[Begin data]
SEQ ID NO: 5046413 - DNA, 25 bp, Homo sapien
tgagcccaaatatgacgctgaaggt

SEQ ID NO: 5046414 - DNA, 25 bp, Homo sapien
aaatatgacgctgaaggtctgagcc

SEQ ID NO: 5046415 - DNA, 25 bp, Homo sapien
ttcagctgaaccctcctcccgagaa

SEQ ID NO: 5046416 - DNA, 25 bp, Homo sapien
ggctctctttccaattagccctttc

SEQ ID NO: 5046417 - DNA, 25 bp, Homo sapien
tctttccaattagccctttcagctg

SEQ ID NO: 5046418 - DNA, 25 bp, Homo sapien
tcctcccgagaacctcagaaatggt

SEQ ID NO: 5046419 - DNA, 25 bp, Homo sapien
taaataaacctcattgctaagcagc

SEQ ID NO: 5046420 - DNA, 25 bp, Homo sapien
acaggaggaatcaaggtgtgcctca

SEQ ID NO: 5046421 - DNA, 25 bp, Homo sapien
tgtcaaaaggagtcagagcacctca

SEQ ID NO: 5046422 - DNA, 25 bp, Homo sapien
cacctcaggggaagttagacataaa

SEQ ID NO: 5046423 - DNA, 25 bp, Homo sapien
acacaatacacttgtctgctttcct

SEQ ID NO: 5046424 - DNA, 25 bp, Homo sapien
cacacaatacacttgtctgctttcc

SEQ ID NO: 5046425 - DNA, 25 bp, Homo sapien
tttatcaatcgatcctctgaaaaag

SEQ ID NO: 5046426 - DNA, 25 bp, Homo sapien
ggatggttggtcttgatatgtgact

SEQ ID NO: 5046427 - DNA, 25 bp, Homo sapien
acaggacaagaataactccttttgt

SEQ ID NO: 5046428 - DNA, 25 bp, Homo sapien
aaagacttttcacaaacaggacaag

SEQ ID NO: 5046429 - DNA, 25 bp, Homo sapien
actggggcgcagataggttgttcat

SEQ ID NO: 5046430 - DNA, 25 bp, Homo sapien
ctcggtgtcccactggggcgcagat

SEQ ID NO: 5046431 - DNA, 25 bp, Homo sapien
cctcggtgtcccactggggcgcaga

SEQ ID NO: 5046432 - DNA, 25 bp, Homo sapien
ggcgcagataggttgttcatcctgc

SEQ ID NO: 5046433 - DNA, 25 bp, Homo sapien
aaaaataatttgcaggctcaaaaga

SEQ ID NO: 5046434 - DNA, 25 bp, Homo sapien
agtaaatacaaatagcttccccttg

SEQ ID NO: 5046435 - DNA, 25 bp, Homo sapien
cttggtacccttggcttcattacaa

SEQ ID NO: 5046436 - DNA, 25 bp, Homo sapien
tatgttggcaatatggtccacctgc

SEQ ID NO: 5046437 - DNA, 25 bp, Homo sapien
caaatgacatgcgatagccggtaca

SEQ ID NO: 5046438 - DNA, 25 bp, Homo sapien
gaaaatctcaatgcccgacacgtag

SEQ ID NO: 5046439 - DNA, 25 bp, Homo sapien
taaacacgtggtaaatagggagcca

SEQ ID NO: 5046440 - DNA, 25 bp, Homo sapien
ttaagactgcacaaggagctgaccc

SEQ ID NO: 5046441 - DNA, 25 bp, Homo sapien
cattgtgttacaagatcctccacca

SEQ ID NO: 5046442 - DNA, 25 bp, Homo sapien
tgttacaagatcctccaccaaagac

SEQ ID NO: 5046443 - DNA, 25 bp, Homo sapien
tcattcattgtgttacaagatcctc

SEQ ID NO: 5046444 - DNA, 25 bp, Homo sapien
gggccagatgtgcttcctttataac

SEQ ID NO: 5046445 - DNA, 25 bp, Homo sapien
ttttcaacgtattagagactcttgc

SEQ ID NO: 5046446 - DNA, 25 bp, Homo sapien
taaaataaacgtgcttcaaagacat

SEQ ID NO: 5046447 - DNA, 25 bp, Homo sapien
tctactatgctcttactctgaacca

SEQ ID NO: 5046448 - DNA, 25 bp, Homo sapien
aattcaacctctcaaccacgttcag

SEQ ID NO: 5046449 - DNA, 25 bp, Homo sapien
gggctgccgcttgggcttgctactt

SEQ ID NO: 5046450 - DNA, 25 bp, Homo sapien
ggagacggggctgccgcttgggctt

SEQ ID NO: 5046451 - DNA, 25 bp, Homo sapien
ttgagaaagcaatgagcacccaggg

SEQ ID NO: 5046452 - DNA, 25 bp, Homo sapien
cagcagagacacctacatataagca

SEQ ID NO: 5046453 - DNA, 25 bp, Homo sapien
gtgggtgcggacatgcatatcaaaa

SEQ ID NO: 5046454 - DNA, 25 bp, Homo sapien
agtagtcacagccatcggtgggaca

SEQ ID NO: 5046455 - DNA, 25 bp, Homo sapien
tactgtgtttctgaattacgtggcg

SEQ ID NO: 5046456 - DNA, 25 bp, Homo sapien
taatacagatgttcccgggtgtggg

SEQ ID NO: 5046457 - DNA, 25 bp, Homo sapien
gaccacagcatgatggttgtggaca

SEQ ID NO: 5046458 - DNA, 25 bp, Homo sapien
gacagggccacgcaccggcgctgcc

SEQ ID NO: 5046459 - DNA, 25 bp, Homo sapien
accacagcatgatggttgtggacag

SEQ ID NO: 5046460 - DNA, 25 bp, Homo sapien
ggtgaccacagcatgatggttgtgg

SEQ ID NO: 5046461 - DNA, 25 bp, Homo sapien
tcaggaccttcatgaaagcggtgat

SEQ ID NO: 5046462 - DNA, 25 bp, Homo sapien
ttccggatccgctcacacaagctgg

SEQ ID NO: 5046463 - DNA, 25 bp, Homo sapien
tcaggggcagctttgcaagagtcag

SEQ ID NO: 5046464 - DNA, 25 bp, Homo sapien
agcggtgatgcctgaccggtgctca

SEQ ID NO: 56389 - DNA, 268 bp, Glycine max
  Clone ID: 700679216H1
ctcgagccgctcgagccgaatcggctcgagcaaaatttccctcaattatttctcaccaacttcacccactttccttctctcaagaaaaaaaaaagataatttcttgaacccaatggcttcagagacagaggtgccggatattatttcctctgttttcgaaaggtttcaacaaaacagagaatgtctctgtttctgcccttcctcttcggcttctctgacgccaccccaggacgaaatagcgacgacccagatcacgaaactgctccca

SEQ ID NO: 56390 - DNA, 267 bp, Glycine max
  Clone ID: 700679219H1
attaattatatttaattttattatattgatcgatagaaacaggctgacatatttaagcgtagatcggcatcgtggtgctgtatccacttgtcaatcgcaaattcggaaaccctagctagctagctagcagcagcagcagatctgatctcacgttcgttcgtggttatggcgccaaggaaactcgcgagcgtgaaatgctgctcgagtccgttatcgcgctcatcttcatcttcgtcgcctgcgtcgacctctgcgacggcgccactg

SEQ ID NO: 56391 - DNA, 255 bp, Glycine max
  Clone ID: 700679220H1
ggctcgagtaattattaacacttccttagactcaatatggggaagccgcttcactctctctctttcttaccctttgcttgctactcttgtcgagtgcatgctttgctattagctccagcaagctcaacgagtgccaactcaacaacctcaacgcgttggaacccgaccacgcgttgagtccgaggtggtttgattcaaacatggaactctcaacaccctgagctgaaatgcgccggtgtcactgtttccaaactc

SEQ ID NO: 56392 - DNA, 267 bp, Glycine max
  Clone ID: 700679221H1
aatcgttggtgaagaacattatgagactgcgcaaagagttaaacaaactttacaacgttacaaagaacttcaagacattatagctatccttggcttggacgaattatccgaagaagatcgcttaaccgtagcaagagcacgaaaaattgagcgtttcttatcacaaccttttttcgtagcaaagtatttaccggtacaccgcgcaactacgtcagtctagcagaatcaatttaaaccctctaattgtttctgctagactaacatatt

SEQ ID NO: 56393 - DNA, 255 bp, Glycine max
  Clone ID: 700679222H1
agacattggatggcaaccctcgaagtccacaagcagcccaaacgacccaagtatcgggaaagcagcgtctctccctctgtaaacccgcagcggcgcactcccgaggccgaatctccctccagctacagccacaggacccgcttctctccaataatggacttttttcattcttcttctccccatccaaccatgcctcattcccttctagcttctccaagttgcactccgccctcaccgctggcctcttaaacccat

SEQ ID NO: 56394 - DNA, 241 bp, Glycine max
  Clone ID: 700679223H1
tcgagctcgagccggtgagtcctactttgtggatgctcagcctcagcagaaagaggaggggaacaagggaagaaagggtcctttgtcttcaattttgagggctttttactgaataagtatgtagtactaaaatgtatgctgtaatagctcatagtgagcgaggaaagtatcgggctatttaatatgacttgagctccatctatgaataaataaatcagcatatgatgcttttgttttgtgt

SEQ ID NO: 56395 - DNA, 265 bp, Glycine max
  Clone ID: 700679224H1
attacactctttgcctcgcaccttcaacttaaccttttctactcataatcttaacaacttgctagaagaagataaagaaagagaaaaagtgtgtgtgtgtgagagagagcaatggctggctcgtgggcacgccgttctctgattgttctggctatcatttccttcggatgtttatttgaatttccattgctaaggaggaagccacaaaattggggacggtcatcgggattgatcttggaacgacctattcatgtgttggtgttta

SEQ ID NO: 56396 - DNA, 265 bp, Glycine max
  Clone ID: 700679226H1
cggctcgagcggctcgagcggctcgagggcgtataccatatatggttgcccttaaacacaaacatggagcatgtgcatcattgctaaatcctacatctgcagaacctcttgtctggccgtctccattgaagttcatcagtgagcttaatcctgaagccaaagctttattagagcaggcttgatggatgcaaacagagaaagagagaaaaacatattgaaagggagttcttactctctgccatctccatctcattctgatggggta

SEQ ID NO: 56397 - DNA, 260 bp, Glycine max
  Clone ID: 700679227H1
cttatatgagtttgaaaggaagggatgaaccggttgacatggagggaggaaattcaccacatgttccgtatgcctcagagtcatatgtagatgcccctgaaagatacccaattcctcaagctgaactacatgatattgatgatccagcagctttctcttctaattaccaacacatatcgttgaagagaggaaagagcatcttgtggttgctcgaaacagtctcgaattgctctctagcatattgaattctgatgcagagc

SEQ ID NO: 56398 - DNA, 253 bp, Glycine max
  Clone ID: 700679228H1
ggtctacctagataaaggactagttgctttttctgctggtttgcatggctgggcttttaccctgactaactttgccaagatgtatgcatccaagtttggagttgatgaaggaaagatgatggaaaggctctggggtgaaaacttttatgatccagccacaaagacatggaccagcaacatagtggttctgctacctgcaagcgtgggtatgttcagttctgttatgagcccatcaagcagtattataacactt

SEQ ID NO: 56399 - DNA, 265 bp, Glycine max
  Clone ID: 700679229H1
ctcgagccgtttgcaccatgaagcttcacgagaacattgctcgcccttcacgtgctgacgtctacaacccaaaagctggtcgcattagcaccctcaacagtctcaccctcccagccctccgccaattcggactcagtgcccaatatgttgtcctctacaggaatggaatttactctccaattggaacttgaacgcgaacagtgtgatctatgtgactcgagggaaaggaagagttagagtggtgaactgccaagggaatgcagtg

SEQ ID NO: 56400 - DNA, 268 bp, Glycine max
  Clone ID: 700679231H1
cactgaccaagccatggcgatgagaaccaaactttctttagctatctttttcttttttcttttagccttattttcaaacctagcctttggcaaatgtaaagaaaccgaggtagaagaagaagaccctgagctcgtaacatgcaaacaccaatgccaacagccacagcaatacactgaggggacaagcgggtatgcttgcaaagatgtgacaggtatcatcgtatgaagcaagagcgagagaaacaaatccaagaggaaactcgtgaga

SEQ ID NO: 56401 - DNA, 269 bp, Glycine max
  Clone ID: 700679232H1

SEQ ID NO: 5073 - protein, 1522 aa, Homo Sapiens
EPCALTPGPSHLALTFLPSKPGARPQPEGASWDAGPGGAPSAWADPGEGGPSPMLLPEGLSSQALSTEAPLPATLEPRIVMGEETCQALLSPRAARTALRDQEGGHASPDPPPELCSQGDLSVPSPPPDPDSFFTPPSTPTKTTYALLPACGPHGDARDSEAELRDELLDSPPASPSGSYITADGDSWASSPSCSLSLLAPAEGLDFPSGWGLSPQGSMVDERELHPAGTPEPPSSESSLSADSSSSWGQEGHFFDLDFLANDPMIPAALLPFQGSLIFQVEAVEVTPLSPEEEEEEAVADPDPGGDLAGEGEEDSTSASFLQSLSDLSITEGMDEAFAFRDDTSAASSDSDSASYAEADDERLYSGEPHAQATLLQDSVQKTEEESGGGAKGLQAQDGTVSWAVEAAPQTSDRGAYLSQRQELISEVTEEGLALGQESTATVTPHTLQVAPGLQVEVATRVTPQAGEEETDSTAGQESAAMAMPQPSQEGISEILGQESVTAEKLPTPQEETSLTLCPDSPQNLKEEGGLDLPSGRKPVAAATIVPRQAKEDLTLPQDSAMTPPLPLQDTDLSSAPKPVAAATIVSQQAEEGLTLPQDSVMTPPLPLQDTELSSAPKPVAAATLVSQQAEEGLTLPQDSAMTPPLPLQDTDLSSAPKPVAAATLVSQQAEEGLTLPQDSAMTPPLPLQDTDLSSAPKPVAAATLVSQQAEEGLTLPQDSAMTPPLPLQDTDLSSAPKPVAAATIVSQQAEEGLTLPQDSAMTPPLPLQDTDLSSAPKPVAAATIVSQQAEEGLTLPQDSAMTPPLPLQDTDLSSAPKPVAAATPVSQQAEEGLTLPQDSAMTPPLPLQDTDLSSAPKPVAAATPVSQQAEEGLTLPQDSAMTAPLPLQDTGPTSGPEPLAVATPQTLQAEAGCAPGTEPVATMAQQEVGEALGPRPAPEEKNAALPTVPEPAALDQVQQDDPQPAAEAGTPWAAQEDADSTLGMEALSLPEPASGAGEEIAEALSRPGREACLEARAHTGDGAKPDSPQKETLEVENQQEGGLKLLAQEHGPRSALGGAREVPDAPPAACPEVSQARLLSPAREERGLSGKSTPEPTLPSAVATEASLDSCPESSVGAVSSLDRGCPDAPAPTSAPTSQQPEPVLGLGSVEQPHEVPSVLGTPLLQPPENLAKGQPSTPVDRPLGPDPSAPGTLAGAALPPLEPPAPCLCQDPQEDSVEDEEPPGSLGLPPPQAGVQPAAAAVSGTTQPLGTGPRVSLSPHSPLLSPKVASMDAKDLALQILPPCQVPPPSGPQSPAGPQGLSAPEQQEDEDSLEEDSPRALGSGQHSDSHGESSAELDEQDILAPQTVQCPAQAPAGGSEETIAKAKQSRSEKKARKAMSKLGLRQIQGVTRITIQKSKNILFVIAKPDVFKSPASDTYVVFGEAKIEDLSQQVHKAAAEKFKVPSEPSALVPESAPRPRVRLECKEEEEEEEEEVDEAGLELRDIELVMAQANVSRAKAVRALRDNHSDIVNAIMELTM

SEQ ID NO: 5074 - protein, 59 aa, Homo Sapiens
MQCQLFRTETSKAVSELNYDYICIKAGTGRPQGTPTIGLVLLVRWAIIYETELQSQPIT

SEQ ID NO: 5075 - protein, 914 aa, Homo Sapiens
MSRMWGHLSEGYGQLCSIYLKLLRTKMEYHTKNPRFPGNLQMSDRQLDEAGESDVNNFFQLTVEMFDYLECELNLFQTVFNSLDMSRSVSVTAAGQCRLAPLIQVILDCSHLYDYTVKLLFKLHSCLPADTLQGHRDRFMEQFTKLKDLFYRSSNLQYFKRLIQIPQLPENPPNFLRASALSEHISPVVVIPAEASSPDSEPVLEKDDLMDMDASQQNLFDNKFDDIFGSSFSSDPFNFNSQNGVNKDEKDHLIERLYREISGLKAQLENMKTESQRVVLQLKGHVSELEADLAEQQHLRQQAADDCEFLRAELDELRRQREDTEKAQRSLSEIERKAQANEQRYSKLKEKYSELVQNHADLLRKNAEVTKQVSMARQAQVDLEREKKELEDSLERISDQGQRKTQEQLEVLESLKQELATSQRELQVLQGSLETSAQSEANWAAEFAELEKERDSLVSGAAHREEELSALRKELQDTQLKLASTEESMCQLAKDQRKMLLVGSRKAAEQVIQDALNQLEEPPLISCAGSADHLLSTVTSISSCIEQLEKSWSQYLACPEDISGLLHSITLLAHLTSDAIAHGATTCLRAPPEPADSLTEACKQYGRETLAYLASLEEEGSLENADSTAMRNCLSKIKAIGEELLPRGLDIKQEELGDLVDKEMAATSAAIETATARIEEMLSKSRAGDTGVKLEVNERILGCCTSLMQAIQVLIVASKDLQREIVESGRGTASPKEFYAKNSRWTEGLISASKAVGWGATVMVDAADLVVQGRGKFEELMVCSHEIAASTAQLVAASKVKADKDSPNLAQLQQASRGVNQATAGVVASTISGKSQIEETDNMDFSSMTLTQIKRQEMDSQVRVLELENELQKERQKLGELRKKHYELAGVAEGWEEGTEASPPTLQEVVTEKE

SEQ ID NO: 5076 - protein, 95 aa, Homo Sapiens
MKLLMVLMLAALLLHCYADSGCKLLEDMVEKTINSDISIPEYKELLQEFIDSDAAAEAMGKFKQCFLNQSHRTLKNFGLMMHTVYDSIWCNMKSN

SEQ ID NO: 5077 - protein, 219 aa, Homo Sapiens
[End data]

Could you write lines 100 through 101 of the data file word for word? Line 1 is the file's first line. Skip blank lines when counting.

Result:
ttccggatccgctcacacaagctgg

SEQ ID NO: 5046463 - DNA, 25 bp, Homo sapien